While the post takes great pains to explain that further content will continue for Heroes of the Storm, and the developer diaspora will ultimately benefit all of Blizzard’s games, it does certainly paint a bleak picture for this game’s future. Blizzard also takes this opportunity to note that two of the biggest Heroes of the Storm esports events, Heroes Global Championship and Heroes of the Dorm, will not be held this year. The reasoning, Blizzard says, is that they do not believe they could meet fan expectations and standards this year.

Still, there is optimism to be found within the news. Going by Blizzard’s own words, they expect this to be better for Heroes of the Storm.

“We’ll continue actively supporting the game with new heroes, themed events, and other content that our community loves, though the cadence will change,” the blog post reads. “Ultimately, we’re setting up the game for long-term sustainability.”

Regardless, it does not seem like Heroes of the Storm will be going anywhere anytime soon. There is no reason to think Blizzard has any intention to stop supporting the title, even if the resources are better spent elsewhere. With the success of things like the Overwatch League, however, the dreams of Heroes of the Storm taking the world, well, by storm may be long gone.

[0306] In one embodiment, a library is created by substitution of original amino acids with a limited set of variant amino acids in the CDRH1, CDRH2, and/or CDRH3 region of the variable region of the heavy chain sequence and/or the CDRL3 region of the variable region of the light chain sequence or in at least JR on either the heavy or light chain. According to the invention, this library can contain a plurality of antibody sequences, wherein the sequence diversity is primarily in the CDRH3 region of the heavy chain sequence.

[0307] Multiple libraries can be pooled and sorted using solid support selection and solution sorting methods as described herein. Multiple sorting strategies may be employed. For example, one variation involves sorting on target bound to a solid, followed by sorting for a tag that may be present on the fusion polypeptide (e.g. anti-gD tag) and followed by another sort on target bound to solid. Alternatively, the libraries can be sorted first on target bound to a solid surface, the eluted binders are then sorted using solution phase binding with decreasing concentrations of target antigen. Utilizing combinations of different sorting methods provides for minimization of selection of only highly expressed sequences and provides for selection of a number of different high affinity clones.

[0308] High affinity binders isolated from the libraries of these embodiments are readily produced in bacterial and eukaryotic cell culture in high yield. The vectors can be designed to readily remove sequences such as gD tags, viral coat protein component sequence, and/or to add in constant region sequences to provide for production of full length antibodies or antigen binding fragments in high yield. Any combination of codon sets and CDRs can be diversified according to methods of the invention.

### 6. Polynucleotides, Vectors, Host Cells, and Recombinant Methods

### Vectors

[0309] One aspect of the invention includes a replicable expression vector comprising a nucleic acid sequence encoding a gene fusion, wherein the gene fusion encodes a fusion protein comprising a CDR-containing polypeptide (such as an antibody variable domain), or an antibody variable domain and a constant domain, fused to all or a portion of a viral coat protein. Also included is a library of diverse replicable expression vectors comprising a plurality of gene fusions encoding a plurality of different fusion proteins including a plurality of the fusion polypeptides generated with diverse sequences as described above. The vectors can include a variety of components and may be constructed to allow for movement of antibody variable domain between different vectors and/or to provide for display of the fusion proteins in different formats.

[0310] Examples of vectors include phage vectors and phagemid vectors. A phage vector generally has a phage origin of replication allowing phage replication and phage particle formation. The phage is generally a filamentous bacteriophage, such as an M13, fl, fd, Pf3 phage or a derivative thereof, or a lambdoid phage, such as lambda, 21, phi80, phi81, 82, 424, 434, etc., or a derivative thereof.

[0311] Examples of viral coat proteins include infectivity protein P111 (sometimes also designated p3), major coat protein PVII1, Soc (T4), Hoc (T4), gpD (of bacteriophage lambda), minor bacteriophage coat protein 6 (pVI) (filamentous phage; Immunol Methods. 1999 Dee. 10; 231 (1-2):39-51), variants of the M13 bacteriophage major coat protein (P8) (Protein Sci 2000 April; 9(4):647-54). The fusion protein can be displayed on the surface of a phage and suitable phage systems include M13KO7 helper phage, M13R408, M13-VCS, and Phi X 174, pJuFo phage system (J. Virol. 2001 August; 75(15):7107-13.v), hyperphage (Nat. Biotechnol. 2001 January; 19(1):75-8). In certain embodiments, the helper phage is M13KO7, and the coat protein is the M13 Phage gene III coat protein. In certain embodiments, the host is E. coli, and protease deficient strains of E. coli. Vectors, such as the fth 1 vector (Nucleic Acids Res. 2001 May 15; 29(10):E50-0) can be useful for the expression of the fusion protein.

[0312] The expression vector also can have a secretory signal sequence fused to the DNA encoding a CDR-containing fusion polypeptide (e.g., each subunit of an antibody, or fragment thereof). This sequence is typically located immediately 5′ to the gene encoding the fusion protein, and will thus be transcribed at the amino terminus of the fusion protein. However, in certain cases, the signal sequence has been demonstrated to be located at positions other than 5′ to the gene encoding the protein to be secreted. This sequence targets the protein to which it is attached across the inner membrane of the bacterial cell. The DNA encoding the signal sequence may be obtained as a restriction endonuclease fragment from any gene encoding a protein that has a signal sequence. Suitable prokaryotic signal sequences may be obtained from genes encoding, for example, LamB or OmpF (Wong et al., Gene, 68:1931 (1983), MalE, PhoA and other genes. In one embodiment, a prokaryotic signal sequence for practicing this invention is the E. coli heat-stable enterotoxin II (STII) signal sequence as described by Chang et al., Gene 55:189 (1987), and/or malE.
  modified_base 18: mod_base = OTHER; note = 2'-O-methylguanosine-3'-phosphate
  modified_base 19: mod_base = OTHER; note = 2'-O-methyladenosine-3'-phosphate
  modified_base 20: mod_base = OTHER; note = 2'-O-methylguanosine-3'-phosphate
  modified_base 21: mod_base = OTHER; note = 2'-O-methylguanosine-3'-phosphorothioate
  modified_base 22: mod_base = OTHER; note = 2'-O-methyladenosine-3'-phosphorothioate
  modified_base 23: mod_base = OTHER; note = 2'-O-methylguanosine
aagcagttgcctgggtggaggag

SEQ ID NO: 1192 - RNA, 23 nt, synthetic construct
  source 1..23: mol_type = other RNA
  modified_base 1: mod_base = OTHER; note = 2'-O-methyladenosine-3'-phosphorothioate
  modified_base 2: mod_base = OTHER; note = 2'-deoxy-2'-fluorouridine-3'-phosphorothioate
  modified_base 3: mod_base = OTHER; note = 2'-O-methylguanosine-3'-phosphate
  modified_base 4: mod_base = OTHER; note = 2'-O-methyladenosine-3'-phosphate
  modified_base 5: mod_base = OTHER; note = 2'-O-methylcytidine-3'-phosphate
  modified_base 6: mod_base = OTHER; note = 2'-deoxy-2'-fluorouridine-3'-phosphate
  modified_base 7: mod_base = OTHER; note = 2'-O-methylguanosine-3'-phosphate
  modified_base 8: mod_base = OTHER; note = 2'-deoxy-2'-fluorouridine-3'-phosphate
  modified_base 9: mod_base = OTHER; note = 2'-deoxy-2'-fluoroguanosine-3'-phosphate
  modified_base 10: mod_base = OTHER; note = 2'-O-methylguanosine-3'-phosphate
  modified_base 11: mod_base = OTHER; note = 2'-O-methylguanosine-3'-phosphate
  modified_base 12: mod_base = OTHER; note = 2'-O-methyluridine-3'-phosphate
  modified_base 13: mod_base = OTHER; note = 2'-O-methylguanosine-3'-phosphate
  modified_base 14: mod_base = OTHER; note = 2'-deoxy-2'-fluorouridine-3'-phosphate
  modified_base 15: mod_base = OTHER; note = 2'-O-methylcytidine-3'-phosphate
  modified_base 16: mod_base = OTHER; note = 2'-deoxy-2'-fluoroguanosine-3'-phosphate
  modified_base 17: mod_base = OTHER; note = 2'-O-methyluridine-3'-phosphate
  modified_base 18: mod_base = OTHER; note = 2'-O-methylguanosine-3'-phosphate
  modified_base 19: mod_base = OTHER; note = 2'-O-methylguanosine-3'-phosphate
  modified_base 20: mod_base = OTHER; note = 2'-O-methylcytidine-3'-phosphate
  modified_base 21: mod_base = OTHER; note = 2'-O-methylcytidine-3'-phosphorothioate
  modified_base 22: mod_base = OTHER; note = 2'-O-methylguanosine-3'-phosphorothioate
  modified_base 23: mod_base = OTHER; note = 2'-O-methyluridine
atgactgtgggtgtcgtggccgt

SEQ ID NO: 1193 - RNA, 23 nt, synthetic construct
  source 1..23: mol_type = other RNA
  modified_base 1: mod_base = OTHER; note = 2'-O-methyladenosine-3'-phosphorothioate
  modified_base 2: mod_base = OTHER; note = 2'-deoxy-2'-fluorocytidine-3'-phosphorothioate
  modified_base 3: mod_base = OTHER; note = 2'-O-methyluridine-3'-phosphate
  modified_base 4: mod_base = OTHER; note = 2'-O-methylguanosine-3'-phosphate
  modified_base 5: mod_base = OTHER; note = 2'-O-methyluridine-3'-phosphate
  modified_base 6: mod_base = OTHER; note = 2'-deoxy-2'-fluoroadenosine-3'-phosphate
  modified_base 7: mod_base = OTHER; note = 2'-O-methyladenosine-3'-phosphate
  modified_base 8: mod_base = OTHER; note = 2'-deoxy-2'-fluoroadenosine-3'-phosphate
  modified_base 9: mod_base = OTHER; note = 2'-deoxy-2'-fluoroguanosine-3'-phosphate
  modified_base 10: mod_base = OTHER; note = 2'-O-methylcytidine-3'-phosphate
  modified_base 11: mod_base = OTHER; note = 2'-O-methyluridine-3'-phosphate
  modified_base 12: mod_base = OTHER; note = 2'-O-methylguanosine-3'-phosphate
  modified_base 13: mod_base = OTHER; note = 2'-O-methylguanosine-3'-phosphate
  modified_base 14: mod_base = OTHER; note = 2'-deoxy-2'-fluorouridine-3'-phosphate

Beta Test Blizzard Pumps The Brakes On Heroes Of The Storm

Blizzard Pumps The Brakes On Heroes Of The Storm

Heroes of the Storm, Blizzard’s crossover MOBA featuring their well-known characters, by all appearances seemed to be doing well. At this past Blizzcon, the company even introduced the first original character for the title. Now, however, it seems that Blizzard is looking to slowly move on from the game, which has seemingly not been doing as well as we thought.

In a new blog post, Blizzard announced that they’re moving talent away from Heroes of the Storm to other projects within the company.